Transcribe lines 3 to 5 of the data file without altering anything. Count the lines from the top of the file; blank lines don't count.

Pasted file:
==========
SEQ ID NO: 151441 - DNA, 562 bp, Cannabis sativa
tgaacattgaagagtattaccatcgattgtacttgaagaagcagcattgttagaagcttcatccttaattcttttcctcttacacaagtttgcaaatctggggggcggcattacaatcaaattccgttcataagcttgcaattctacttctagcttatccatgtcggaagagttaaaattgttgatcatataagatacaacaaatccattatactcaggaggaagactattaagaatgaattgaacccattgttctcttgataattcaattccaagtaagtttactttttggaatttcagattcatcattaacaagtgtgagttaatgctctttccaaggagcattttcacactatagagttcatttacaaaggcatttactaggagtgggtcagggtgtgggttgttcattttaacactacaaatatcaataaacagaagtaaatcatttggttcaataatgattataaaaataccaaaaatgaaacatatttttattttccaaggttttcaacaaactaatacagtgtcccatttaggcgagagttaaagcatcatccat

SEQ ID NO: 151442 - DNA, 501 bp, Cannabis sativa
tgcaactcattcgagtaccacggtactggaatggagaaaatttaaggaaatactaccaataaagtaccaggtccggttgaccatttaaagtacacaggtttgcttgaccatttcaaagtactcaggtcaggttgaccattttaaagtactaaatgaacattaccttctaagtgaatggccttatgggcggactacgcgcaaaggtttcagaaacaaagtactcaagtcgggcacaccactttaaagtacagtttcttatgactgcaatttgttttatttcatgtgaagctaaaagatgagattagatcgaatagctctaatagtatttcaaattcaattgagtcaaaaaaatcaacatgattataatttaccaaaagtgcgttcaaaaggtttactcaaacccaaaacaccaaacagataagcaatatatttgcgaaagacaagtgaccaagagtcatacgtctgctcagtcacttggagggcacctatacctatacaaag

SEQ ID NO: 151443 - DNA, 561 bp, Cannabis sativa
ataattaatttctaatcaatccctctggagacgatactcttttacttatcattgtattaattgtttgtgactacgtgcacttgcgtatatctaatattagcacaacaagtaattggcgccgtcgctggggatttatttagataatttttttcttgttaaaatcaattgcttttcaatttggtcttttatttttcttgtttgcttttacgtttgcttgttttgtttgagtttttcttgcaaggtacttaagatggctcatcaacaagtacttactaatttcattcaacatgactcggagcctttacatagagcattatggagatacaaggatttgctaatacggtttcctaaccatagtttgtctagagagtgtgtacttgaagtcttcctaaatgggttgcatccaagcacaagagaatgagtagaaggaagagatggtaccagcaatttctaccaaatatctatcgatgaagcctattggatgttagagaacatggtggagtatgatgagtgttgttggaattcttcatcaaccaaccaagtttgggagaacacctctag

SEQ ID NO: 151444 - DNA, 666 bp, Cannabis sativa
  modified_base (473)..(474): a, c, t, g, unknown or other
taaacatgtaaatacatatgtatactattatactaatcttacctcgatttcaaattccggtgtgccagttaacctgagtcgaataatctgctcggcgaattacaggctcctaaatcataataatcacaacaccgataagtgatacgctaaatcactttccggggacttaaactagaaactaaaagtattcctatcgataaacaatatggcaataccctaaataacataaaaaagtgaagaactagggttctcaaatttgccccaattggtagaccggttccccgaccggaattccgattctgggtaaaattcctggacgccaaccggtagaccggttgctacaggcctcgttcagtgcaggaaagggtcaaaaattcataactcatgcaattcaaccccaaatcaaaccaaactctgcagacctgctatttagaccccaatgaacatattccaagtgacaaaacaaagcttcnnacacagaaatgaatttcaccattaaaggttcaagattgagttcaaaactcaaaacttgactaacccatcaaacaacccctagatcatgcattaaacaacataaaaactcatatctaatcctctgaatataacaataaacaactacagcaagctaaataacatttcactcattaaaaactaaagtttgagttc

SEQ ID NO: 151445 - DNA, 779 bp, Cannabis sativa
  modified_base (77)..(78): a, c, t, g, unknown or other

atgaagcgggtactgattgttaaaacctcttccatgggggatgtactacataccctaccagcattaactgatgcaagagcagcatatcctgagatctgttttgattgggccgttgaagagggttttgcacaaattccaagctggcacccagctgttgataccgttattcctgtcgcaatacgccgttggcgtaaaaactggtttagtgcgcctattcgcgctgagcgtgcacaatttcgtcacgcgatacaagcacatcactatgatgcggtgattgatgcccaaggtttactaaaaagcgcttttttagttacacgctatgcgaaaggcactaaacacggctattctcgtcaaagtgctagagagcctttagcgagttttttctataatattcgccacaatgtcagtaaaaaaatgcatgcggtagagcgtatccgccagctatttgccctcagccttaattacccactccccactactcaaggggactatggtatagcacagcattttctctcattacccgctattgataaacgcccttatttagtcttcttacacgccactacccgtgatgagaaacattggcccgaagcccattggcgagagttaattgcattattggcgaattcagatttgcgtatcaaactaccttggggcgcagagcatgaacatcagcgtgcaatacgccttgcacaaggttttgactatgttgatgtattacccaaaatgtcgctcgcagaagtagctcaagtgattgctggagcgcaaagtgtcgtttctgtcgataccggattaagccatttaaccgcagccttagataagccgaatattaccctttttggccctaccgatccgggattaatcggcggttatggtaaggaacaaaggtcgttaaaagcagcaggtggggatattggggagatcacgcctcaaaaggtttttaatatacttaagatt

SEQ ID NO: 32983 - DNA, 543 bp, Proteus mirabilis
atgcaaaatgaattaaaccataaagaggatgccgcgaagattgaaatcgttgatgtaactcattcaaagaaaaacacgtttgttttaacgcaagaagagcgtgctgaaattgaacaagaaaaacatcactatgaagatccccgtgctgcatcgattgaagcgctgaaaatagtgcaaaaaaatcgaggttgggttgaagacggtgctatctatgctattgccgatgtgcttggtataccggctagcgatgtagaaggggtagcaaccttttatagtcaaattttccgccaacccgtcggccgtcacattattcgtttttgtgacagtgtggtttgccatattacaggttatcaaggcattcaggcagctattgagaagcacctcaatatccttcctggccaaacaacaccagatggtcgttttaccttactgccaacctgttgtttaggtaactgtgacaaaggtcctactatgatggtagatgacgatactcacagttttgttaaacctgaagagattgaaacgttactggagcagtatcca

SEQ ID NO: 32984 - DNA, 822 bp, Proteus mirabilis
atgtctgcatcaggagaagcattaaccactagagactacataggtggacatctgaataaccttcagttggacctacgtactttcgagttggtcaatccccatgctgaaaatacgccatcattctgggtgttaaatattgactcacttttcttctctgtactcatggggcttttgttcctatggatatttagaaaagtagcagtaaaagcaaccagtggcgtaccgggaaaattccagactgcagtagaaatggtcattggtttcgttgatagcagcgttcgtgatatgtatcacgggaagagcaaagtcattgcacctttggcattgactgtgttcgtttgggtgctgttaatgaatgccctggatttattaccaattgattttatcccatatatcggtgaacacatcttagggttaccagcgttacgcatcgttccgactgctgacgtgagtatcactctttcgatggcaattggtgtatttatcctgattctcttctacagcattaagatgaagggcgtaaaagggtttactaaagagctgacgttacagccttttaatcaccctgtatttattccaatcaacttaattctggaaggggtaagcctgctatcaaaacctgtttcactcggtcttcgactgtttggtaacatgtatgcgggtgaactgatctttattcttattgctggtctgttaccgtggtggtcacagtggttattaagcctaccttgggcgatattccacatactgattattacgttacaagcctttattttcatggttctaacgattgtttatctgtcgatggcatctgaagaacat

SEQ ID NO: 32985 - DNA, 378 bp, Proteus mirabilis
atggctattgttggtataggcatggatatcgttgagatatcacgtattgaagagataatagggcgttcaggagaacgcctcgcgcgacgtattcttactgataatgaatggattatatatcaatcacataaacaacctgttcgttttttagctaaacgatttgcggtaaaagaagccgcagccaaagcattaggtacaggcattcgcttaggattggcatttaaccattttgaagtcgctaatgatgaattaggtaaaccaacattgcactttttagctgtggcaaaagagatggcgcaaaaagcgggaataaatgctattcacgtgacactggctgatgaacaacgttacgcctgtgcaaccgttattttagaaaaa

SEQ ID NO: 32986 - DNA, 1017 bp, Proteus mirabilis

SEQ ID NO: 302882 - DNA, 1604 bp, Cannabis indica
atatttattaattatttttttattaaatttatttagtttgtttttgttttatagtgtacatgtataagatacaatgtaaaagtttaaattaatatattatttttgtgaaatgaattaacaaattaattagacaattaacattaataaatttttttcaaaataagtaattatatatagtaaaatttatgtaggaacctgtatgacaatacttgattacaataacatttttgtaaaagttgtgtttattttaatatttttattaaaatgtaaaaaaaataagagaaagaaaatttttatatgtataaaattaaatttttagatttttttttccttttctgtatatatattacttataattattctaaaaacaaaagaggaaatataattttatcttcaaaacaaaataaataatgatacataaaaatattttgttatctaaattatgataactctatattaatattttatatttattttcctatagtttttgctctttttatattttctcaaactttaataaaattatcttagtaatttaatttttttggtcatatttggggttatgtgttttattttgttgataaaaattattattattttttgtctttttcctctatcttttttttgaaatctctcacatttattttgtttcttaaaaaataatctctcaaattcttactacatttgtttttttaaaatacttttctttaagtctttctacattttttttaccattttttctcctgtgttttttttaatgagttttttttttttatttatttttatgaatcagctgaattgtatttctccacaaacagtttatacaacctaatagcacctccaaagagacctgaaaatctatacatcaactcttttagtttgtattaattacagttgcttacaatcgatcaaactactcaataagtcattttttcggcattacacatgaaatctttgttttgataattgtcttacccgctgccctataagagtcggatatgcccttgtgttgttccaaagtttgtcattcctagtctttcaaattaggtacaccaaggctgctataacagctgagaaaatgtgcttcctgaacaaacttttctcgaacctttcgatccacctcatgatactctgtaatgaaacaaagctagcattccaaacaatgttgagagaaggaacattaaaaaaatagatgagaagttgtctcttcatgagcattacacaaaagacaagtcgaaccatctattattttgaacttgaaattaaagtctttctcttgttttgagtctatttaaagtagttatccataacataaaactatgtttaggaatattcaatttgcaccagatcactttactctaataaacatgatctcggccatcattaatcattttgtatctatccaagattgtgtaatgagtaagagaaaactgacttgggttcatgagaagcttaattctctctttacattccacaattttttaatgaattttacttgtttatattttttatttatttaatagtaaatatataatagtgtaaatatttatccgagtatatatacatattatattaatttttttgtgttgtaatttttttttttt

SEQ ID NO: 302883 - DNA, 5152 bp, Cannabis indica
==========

SEQ ID NO: 151442 - DNA, 501 bp, Cannabis sativa
tgcaactcattcgagtaccacggtactggaatggagaaaatttaaggaaatactaccaataaagtaccaggtccggttgaccatttaaagtacacaggtttgcttgaccatttcaaagtactcaggtcaggttgaccattttaaagtactaaatgaacattaccttctaagtgaatggccttatgggcggactacgcgcaaaggtttcagaaacaaagtactcaagtcgggcacaccactttaaagtacagtttcttatgactgcaatttgttttatttcatgtgaagctaaaagatgagattagatcgaatagctctaatagtatttcaaattcaattgagtcaaaaaaatcaacatgattataatttaccaaaagtgcgttcaaaaggtttactcaaacccaaaacaccaaacagataagcaatatatttgcgaaagacaagtgaccaagagtcatacgtctgctcagtcacttggagggcacctatacctatacaaag

SEQ ID NO: 151443 - DNA, 561 bp, Cannabis sativa